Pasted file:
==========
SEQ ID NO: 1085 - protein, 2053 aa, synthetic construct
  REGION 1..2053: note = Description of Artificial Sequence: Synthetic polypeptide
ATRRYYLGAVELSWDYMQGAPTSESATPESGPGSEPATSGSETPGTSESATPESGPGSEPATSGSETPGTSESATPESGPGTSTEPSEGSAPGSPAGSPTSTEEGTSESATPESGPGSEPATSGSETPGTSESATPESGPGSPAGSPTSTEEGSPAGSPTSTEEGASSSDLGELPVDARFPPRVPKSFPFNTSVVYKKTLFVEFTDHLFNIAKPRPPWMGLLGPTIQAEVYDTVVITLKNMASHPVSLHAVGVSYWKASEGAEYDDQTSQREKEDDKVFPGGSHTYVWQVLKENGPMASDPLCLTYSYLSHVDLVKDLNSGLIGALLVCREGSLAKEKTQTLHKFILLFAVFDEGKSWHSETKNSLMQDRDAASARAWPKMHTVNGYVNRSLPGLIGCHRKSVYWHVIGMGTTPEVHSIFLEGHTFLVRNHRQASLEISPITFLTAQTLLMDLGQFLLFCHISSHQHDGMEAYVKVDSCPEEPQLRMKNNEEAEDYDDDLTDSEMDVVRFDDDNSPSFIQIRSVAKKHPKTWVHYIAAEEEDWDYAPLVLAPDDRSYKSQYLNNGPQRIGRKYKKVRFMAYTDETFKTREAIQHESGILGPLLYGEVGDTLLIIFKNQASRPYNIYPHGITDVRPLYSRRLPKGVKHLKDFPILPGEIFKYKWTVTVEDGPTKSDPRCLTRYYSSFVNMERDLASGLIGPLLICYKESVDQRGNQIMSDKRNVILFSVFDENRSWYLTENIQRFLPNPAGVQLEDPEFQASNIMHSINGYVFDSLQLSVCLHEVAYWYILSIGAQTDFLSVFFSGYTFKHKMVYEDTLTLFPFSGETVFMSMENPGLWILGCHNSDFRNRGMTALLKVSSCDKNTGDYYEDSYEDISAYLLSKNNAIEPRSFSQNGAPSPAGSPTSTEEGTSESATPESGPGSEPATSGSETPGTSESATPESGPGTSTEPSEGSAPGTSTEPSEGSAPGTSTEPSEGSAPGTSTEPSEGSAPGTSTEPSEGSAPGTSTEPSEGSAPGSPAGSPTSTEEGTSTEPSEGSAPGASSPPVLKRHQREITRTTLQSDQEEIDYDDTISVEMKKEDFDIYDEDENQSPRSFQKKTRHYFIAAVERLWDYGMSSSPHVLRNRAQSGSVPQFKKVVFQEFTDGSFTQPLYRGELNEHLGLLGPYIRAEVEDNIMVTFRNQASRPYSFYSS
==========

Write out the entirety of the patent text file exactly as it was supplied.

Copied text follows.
SEQ ID NO: 1085 - protein, 2053 aa, synthetic construct
  REGION 1..2053: note = Description of Artificial Sequence: Synthetic polypeptide
ATRRYYLGAVELSWDYMQGAPTSESATPESGPGSEPATSGSETPGTSESATPESGPGSEPATSGSETPGTSESATPESGPGTSTEPSEGSAPGSPAGSPTSTEEGTSESATPESGPGSEPATSGSETPGTSESATPESGPGSPAGSPTSTEEGSPAGSPTSTEEGASSSDLGELPVDARFPPRVPKSFPFNTSVVYKKTLFVEFTDHLFNIAKPRPPWMGLLGPTIQAEVYDTVVITLKNMASHPVSLHAVGVSYWKASEGAEYDDQTSQREKEDDKVFPGGSHTYVWQVLKENGPMASDPLCLTYSYLSHVDLVKDLNSGLIGALLVCREGSLAKEKTQTLHKFILLFAVFDEGKSWHSETKNSLMQDRDAASARAWPKMHTVNGYVNRSLPGLIGCHRKSVYWHVIGMGTTPEVHSIFLEGHTFLVRNHRQASLEISPITFLTAQTLLMDLGQFLLFCHISSHQHDGMEAYVKVDSCPEEPQLRMKNNEEAEDYDDDLTDSEMDVVRFDDDNSPSFIQIRSVAKKHPKTWVHYIAAEEEDWDYAPLVLAPDDRSYKSQYLNNGPQRIGRKYKKVRFMAYTDETFKTREAIQHESGILGPLLYGEVGDTLLIIFKNQASRPYNIYPHGITDVRPLYSRRLPKGVKHLKDFPILPGEIFKYKWTVTVEDGPTKSDPRCLTRYYSSFVNMERDLASGLIGPLLICYKESVDQRGNQIMSDKRNVILFSVFDENRSWYLTENIQRFLPNPAGVQLEDPEFQASNIMHSINGYVFDSLQLSVCLHEVAYWYILSIGAQTDFLSVFFSGYTFKHKMVYEDTLTLFPFSGETVFMSMENPGLWILGCHNSDFRNRGMTALLKVSSCDKNTGDYYEDSYEDISAYLLSKNNAIEPRSFSQNGAPSPAGSPTSTEEGTSESATPESGPGSEPATSGSETPGTSESATPESGPGTSTEPSEGSAPGTSTEPSEGSAPGTSTEPSEGSAPGTSTEPSEGSAPGTSTEPSEGSAPGTSTEPSEGSAPGSPAGSPTSTEEGTSTEPSEGSAPGASSPPVLKRHQREITRTTLQSDQEEIDYDDTISVEMKKEDFDIYDEDENQSPRSFQKKTRHYFIAAVERLWDYGMSSSPHVLRNRAQSGSVPQFKKVVFQEFTDGSFTQPLYRGELNEHLGLLGPYIRAEVEDNIMVTFRNQASRPYSFYSS